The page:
The guys at Babalu are having fun, lots of it, with an earlier post here and with their own imaginations.
It has to do with the late Juan Wilfredo Soto of Santa Clara. Dissidents charge that he died last Sunday as a result of a police beating the previous Thursday in Santa Clara’s central park.
They pointed out that I referred to police “entreaties” to Soto for him to leave the park. Point well taken; I was recounting local dissidents’ accounts as described in news reports, the right word was “demands,” and I made the correction.
From there, they are implying that I claim to know what had happened (when I was relating locals’ accounts) and that I think the man deserved a beating for remaining in a public park (which is ridiculous).
What I was doing, in a case where police brutality is alleged and third-hand information abounds, was to present the various accounts for readers to chew over for themselves. (Speaking of which, here is a Granma story where Soto’s relatives and a doctor dispute the beating story, here is Herald coverage of that story, and here are counter-arguments from Penultimos Dias.
I’ll note that, reading Babalu, I see that Amnesty International refers to police “asking him [Soto] to leave” the park. That sounds like an “entreaty” to me, but then Amnesty International opposes the U.S. embargo so they are a bunch of commies.
As must be our friend Mauricio, who ran Amnesty’s note in his blog, repeating this vile lie.
For this crowd (and for some in the Plaza de la Revolucion), nothing comes easier than to say that if you disagree with them, then you must be with their foreign enemy. Hence Cardinal Ortega is a Cuban government “spokesperson” at Babalu because he isn’t in step with U.S. and European policy toward Cuba. And Mauricio suggests that if you don’t lobby for the positions he lobbies for regarding U.S. policy, then you’re a lobbyist for the Cuban government.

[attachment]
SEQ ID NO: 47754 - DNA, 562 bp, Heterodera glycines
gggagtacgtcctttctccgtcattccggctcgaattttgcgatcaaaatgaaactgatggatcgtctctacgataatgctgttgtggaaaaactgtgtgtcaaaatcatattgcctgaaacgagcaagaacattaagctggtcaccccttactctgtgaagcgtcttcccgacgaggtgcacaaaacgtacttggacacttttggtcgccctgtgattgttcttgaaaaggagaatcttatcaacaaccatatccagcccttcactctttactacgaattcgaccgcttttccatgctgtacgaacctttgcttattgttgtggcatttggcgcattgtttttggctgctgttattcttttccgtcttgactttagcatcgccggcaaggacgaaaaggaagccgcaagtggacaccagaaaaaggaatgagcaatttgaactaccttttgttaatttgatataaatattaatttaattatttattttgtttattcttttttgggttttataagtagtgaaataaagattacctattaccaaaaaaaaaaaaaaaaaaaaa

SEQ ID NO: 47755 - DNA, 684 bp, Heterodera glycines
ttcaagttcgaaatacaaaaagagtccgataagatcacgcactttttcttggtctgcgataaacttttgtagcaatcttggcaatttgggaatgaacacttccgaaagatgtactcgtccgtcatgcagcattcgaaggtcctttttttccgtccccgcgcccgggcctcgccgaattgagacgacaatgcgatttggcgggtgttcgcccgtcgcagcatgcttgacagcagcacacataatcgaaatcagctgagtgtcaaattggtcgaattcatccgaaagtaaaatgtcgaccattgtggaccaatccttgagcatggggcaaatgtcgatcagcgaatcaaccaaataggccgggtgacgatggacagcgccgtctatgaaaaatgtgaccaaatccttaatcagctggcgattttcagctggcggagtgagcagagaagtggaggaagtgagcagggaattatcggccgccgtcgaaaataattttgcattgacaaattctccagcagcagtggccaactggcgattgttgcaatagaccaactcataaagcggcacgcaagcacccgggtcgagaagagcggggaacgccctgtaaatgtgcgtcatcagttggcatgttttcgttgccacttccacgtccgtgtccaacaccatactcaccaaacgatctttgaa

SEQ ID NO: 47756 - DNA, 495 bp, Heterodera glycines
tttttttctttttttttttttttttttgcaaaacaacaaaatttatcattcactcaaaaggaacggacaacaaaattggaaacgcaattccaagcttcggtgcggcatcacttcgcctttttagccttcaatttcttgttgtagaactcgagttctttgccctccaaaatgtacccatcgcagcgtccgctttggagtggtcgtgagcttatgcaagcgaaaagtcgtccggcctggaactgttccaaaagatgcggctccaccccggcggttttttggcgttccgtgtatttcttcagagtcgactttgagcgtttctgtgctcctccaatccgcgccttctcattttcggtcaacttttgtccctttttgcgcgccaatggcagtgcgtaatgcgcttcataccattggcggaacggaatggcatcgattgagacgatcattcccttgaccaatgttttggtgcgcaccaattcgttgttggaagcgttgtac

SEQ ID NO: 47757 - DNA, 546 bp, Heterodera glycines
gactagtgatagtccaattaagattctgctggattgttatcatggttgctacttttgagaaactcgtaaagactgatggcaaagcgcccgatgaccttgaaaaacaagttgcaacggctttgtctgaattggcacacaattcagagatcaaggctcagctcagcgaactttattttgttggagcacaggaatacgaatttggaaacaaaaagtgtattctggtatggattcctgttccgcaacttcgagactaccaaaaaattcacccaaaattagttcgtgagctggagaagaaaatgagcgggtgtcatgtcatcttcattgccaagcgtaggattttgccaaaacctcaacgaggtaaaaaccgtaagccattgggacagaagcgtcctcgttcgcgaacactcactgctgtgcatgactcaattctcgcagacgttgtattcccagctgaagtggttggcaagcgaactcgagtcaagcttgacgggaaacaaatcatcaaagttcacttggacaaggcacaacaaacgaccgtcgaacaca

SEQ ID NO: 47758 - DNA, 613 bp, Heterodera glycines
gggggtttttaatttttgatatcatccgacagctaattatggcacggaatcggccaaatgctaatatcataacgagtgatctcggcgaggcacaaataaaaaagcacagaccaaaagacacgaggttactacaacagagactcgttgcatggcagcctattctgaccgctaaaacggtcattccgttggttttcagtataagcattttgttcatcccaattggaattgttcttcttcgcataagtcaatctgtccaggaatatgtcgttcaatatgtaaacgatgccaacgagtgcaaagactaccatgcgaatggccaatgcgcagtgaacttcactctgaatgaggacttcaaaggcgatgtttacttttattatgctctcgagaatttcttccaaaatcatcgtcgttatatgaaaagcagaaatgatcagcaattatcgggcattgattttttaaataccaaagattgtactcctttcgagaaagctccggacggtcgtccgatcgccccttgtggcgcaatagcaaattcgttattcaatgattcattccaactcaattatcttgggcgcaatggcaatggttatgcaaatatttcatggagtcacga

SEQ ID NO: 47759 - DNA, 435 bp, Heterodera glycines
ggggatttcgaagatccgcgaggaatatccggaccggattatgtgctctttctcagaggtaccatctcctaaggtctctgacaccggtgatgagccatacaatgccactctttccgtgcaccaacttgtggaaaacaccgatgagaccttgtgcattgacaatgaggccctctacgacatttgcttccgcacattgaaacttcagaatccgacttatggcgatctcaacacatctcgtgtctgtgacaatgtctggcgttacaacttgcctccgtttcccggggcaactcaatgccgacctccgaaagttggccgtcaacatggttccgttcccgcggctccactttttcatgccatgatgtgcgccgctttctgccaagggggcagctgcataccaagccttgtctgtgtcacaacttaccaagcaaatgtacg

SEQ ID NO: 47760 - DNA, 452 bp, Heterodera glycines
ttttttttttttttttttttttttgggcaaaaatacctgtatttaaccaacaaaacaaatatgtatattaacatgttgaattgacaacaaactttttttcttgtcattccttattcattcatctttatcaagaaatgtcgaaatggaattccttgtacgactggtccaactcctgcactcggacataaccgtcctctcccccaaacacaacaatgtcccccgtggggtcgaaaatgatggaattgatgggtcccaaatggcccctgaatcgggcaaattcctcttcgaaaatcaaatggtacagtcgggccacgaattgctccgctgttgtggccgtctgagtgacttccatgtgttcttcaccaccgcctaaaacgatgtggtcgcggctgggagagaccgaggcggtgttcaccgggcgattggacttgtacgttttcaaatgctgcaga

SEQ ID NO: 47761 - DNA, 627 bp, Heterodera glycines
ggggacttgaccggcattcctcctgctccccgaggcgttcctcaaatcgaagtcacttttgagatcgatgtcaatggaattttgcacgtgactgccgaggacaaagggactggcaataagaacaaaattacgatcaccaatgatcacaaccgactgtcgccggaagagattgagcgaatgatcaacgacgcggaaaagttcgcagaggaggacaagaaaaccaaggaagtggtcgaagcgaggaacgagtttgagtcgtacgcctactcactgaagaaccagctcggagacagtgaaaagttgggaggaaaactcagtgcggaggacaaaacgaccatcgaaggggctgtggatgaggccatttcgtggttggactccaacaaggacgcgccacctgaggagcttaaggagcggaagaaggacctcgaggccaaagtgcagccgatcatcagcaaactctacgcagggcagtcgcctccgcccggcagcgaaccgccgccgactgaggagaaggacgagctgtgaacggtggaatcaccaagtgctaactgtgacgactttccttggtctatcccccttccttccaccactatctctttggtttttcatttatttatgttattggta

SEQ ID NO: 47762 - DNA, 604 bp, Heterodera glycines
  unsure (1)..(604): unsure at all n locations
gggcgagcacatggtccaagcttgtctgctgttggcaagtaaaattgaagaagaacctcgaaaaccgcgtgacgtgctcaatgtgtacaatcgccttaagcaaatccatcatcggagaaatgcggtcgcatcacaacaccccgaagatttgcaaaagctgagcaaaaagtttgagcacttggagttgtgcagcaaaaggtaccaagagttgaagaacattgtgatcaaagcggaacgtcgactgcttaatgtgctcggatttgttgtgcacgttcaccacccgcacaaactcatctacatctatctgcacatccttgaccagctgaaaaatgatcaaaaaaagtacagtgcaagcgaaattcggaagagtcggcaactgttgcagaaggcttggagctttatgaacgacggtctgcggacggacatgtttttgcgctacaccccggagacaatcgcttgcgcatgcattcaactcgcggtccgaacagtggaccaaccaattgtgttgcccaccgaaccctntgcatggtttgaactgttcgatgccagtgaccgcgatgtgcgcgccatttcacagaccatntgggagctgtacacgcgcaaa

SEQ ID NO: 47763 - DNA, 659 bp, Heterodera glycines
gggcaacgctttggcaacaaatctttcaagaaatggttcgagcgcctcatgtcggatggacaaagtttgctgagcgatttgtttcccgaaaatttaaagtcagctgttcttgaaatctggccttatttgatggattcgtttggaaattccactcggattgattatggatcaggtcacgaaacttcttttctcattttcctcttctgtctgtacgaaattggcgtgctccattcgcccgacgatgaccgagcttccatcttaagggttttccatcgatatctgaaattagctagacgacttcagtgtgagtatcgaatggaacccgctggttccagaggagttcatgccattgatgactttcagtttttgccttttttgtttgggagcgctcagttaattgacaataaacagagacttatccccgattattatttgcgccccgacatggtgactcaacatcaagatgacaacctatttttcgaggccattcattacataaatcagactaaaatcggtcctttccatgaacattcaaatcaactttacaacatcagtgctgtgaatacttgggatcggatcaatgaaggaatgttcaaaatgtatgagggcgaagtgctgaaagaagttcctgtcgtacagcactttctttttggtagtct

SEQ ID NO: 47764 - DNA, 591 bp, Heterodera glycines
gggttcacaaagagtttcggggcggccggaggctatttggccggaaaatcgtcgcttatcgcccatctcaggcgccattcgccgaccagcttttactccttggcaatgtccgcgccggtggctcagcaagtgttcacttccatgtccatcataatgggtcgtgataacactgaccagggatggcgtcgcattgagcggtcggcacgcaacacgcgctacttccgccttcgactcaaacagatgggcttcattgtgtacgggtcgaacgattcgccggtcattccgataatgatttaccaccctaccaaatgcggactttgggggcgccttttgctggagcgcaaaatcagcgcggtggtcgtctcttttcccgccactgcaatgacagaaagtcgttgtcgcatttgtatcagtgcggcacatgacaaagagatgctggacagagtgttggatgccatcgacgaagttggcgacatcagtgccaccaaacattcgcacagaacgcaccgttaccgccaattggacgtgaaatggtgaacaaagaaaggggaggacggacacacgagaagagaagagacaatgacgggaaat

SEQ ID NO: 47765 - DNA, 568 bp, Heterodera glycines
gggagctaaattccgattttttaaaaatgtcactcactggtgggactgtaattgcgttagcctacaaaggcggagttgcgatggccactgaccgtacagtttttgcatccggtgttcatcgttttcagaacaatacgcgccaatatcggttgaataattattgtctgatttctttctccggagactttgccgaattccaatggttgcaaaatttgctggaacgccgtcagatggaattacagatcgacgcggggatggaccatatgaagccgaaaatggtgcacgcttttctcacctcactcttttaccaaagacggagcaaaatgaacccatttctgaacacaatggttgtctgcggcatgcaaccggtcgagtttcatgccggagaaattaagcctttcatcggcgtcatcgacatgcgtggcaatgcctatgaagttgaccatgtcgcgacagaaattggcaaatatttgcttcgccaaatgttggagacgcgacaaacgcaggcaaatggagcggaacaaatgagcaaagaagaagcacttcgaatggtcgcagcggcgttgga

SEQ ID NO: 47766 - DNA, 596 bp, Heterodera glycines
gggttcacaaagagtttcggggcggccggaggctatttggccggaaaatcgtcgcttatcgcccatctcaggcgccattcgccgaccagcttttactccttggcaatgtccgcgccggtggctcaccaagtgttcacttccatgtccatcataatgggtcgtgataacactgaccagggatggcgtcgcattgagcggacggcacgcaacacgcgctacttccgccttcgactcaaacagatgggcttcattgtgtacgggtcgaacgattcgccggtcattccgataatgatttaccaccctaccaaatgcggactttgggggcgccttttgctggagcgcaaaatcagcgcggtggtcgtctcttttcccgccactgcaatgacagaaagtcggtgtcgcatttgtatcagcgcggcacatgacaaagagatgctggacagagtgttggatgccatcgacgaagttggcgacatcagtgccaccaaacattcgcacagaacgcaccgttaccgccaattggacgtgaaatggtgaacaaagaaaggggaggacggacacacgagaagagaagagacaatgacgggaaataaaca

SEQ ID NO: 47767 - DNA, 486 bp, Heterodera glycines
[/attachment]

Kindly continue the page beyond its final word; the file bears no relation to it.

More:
Back to the Soto case, House Foreign Affairs Committee Chair Ileana Ros-Lehtinen took a strong shot at the Cuban government but prefaced it with the phrase, “if reports are accurate.” I don’t know what that makes her to those at Babalu, but I would say she’s appropriately cautious. It’s an ugly reality that plenty of Cuban dissidents have revealed themselves to be agents of the government over the years. On occasion they have used dramatic reports of abuses to build their bona fides in the 305 and 202 area codes.
But in this whole saga, it is Rep. David Rivera who really takes the cake.
In the Soto case, there are elements on the story on which everyone agrees, from Granma to Radio Mambi. That is that the man died Sunday after an encounter with police on Thursday. Rep. Rivera fabricated a simpler story, that police just beat Soto to death on the spot on Sunday. “Witnesses have attested,” he said in the House of Representatives, that police beat Soto “mercilessly and repeatedly with batons until he was dead.” No witness or friend of Soto, and no dissident who has commented, has said any such thing.
Of course there’s no moral difference between beating someone to death and beating someone so severely that death comes within days. The issue regarding Rivera is that he appears to take reports from Cuba, exaggerate them, and present them to his colleagues.
So the facts don’t matter, the human rights issue is trivialized, and a huge favor is done for those in Cuba who reduce the issue to accusations about “media campaigns.”